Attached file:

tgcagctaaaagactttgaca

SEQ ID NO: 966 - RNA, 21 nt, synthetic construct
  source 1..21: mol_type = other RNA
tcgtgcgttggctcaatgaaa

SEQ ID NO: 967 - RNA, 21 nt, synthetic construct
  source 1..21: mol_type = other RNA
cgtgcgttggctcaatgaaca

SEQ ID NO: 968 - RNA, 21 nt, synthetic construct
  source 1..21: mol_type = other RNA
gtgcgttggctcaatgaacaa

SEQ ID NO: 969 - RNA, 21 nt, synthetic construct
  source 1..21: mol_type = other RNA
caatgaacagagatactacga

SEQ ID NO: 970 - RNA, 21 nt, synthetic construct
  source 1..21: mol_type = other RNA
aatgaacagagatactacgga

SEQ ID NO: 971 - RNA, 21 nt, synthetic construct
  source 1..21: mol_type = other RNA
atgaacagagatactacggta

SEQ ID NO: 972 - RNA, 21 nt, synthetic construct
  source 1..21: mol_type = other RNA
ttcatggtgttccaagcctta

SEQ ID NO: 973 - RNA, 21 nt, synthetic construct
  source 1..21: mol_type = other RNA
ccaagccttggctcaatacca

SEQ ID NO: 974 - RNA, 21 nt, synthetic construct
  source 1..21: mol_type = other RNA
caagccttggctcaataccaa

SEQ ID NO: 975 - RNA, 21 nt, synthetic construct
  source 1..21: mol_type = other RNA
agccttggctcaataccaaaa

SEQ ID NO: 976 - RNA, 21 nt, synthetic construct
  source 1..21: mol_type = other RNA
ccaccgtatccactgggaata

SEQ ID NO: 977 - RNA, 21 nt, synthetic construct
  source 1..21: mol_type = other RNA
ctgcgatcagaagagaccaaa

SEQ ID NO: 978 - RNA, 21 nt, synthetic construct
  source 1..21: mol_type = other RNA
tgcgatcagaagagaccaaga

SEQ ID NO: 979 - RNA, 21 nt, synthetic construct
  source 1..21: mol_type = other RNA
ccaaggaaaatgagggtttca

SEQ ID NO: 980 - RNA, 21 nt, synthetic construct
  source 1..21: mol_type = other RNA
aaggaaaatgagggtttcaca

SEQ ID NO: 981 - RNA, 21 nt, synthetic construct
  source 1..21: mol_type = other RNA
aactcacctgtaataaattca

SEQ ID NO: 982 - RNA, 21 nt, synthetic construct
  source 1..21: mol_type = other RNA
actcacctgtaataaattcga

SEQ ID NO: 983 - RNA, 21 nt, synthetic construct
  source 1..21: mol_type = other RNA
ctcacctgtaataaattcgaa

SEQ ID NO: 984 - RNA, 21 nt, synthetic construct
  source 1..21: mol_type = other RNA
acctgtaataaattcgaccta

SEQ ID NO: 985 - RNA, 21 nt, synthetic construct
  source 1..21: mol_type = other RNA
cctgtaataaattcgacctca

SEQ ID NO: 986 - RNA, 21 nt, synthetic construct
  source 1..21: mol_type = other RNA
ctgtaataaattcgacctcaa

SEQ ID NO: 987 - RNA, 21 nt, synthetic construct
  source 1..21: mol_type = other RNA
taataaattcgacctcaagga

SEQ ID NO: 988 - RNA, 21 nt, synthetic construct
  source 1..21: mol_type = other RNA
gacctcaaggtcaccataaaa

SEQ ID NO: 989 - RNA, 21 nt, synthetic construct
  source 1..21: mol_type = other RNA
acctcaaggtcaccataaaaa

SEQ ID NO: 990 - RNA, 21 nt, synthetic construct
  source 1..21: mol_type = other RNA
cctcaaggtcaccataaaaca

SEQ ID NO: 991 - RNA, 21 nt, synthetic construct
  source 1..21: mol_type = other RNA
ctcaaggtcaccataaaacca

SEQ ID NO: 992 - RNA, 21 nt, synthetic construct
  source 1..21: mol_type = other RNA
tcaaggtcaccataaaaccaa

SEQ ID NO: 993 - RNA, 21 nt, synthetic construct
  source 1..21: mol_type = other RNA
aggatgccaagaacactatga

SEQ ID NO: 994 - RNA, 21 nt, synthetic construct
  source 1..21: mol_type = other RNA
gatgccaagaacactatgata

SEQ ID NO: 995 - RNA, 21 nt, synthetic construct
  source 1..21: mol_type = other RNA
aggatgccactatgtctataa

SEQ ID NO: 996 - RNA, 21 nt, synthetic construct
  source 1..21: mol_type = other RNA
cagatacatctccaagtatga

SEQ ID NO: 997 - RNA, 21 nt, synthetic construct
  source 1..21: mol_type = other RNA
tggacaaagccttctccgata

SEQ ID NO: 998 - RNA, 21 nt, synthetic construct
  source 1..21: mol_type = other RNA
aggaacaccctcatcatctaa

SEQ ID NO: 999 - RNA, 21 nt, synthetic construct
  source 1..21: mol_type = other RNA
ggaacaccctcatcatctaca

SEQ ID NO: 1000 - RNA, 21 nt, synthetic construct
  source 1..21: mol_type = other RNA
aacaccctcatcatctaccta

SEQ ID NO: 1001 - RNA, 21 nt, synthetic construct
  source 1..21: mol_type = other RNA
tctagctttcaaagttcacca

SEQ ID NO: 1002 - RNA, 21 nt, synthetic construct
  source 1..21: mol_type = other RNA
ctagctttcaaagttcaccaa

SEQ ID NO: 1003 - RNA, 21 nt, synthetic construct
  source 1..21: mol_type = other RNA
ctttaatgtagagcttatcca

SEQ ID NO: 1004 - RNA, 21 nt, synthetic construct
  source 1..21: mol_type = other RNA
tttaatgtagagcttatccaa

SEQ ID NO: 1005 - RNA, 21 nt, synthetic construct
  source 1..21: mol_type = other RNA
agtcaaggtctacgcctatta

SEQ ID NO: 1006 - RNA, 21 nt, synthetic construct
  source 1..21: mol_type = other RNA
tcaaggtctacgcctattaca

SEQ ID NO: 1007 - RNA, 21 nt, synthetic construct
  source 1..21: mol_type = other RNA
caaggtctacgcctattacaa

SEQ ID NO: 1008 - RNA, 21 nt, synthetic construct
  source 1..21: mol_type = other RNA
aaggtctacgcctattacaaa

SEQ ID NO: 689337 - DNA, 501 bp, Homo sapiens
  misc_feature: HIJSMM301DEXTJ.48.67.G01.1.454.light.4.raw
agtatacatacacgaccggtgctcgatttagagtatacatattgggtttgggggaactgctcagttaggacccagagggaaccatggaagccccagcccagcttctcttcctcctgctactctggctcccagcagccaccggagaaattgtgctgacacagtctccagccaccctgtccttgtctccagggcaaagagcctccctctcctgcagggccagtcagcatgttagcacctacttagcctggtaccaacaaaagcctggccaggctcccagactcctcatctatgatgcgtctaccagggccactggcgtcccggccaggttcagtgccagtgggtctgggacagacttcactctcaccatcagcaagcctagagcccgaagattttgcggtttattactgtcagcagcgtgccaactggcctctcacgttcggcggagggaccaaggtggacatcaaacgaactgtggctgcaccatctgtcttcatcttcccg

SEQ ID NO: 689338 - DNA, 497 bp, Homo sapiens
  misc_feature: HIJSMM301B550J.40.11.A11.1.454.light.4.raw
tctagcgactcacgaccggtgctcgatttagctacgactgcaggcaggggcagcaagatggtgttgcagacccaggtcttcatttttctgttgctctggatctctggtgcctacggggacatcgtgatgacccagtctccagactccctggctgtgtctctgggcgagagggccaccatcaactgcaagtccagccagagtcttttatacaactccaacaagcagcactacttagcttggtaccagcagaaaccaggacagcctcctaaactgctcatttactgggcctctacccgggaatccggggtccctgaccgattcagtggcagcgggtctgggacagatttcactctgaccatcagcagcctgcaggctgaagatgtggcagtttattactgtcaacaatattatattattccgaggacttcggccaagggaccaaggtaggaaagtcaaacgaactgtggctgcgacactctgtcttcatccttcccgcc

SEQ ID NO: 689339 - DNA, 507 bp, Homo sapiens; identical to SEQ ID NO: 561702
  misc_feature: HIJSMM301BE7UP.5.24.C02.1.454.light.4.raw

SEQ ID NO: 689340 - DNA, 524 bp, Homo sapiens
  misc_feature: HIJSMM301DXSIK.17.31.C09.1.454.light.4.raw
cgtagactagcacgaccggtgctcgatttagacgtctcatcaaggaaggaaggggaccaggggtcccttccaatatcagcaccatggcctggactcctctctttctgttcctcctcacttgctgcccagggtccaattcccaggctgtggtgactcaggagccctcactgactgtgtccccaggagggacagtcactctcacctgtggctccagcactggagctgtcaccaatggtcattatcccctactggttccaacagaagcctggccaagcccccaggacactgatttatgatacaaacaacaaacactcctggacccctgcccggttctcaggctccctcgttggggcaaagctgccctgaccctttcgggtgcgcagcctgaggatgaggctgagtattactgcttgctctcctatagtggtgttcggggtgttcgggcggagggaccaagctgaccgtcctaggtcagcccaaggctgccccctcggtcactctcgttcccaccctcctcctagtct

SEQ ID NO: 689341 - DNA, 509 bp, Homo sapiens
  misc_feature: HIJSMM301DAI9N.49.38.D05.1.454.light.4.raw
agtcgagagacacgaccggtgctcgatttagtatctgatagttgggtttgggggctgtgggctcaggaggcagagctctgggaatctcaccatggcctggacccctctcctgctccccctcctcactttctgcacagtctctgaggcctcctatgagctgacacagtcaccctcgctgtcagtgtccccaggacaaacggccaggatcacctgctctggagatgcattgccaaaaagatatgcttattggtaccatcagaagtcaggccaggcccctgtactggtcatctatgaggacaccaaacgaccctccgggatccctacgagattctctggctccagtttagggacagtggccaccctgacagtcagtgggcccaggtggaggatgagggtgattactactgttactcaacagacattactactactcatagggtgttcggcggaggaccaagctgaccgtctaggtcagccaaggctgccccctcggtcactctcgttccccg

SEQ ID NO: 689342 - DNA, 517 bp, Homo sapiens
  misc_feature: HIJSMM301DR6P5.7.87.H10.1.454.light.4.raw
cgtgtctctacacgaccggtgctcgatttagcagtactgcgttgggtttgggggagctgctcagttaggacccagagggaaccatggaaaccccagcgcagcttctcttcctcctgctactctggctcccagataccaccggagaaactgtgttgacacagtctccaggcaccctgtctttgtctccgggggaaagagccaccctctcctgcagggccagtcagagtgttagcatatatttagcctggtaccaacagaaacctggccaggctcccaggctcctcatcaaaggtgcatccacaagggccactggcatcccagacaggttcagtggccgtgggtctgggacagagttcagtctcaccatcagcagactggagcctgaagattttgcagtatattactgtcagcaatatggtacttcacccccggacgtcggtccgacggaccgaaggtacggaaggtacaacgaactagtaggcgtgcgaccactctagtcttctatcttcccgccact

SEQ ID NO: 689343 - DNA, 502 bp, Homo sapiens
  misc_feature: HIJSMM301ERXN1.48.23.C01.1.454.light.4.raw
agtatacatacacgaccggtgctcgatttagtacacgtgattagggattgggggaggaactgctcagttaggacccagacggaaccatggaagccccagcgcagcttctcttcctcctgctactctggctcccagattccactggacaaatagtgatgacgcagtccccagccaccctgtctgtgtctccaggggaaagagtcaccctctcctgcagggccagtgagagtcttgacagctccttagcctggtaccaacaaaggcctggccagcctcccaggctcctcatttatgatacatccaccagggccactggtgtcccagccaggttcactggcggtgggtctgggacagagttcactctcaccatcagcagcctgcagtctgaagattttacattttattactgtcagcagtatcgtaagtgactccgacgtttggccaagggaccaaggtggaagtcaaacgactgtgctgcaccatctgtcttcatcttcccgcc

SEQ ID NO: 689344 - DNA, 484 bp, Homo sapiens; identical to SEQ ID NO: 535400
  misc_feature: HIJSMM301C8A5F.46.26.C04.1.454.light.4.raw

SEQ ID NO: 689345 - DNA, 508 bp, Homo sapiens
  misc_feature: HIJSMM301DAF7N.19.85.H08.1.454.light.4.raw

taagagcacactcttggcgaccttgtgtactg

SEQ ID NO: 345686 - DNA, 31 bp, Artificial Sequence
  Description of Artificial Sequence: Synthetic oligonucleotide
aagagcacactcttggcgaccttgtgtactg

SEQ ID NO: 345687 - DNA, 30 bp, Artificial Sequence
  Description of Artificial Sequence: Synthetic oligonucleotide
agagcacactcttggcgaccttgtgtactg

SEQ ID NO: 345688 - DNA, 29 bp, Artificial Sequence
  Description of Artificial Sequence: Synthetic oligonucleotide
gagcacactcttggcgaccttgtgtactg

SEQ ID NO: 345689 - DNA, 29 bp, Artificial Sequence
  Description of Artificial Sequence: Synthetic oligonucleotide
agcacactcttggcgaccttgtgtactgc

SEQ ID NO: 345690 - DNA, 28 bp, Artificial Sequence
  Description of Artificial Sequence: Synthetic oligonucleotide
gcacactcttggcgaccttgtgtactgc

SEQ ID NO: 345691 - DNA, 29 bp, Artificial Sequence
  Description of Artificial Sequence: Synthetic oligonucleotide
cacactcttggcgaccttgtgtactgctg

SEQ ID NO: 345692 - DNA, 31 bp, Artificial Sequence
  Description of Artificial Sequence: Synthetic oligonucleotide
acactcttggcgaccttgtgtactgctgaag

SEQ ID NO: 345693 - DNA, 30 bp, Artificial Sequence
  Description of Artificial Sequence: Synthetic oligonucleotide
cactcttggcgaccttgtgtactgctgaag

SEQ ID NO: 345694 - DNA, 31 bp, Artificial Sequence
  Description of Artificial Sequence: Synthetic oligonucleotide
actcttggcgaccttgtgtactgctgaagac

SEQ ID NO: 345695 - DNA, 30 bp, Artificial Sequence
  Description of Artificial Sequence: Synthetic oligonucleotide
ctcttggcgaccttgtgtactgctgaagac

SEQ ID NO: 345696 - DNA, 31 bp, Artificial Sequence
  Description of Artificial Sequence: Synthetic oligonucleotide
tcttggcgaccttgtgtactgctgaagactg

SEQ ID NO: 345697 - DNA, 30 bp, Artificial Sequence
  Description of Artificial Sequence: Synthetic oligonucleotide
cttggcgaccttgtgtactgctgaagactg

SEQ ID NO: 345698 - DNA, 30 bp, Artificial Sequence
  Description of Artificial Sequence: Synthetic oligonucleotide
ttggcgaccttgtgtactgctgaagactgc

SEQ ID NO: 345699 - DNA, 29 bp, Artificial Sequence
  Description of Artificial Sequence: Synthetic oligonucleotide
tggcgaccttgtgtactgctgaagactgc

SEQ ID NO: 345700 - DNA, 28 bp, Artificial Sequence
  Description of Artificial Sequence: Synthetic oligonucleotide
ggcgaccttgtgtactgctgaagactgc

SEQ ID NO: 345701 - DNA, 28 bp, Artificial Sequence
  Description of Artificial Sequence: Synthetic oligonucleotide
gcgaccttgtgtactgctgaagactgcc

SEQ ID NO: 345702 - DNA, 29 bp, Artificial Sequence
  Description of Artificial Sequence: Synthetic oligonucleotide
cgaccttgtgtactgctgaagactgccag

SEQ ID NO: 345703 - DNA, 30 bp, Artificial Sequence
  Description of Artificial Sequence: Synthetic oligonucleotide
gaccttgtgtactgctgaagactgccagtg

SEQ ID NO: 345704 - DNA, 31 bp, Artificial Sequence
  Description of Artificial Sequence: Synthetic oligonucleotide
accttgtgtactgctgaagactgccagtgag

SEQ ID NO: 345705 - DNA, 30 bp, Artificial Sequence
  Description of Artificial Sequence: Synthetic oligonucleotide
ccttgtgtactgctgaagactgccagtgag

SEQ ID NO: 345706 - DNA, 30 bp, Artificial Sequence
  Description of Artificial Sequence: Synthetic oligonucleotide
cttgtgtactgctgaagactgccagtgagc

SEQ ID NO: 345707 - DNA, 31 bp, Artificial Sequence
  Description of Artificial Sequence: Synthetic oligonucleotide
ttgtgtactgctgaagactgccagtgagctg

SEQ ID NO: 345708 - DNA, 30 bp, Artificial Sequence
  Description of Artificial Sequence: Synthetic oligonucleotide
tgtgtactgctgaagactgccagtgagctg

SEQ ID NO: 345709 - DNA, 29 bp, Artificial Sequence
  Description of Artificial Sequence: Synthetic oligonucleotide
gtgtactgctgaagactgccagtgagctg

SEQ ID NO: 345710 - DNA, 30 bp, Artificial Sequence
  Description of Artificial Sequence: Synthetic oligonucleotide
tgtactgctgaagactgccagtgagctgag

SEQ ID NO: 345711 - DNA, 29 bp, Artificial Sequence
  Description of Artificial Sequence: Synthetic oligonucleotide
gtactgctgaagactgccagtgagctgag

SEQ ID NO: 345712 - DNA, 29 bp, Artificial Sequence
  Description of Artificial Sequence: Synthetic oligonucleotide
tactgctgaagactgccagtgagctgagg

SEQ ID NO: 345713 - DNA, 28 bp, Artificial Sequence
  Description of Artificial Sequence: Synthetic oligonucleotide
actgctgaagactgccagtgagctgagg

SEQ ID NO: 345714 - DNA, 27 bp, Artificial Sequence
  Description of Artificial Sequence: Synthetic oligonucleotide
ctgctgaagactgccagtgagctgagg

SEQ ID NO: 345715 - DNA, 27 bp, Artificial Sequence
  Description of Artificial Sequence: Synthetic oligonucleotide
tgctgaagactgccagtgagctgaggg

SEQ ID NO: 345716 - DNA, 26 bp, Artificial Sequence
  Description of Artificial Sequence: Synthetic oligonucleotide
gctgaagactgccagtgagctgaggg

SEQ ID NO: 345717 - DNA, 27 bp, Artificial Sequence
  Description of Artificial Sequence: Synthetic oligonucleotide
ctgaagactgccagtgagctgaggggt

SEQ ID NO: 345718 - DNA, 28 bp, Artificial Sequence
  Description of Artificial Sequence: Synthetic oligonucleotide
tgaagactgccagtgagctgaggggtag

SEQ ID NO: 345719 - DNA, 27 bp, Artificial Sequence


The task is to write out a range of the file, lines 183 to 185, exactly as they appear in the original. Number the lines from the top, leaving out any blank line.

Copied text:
SEQ ID NO: 345695 - DNA, 30 bp, Artificial Sequence
  Description of Artificial Sequence: Synthetic oligonucleotide
ctcttggcgaccttgtgtactgctgaagac